Construction on the Bay Bridge's new eastern span is reaching "another historic occasion" as workers finish the compaction of the main cable that snakes through the bridge's tower and under the deck, a Caltrans spokesman said Wednesday.
In a process that began April 14 and is expected to be completed by Monday, workers are using four hydraulic compaction devices to compress 137 individual steel wire strands into shape for the cable, which is nearly a mile long, Caltrans spokesman Bart Ney said.
The cable weighs 5,291 tons, or nearly 10.6 million pounds, and is part of the new eastern span's self-anchored suspension span, a 2,047-foot section of bridge east of Yerba Buena Island.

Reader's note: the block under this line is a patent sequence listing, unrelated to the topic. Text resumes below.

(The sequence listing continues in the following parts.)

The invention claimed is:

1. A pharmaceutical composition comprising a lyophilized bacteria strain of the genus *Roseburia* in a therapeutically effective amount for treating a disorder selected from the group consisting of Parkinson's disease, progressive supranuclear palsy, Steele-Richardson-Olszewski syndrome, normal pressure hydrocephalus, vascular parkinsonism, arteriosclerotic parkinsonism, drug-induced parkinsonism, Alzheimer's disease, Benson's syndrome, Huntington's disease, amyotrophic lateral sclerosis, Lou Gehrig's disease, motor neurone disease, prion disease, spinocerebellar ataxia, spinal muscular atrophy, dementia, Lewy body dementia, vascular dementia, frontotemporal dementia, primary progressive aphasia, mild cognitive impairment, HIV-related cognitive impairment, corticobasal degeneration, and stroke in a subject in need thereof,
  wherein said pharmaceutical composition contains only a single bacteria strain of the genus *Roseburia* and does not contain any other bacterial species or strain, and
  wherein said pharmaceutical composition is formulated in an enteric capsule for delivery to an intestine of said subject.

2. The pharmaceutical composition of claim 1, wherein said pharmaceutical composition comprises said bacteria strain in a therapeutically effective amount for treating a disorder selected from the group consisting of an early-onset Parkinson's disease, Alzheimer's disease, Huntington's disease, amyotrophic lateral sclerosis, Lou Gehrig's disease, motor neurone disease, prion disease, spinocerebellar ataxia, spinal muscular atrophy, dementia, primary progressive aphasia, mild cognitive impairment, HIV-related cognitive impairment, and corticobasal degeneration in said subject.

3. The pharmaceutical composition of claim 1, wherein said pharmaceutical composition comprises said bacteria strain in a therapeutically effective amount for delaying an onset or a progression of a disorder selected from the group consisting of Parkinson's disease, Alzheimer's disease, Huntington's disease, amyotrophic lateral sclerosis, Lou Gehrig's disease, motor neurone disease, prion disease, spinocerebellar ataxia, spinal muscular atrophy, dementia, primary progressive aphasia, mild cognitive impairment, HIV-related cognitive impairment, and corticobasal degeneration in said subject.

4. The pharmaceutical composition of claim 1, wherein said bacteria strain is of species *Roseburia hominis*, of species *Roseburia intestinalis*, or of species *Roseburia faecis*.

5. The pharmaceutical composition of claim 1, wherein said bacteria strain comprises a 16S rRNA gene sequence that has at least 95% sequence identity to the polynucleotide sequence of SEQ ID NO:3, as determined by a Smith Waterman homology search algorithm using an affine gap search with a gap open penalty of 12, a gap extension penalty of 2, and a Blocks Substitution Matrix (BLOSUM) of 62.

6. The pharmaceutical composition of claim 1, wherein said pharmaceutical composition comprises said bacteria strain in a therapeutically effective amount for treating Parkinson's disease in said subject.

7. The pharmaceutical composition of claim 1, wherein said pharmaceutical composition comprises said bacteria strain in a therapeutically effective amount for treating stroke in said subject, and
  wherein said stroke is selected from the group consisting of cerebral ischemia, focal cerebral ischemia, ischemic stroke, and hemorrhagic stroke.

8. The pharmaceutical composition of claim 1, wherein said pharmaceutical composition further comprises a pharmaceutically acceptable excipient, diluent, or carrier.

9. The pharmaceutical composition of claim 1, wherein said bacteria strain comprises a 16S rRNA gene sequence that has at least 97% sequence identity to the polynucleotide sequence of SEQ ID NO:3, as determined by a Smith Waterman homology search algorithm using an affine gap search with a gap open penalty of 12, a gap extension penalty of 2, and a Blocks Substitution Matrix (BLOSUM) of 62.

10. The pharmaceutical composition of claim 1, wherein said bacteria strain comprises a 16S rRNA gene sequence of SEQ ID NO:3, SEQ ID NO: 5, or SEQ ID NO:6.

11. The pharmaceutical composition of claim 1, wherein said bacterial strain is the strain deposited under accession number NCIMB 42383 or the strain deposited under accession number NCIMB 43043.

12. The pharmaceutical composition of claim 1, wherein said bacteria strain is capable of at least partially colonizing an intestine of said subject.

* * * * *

Caltrans says the section is the signature element of the new eastern span and will be the longest of its kind in the world.
Once compaction is completed, Ney said, workers will begin installing 114 cable bands that will permanently hold the cable strands in place and serve as anchor points for the suspender cables that will attach to the deck.
He said that when that process is completed, the cable will act as a giant sling, supporting the weight of the deck.
Ney said construction of the new eastern span, a $6.3 billion project that is intended to make the Bay Bridge more seismically safe, is proceeding on schedule and the new span is slated to open to motorists over Labor Day weekend in 2013.
Below is a video that shows how the original Bay Bridge was built.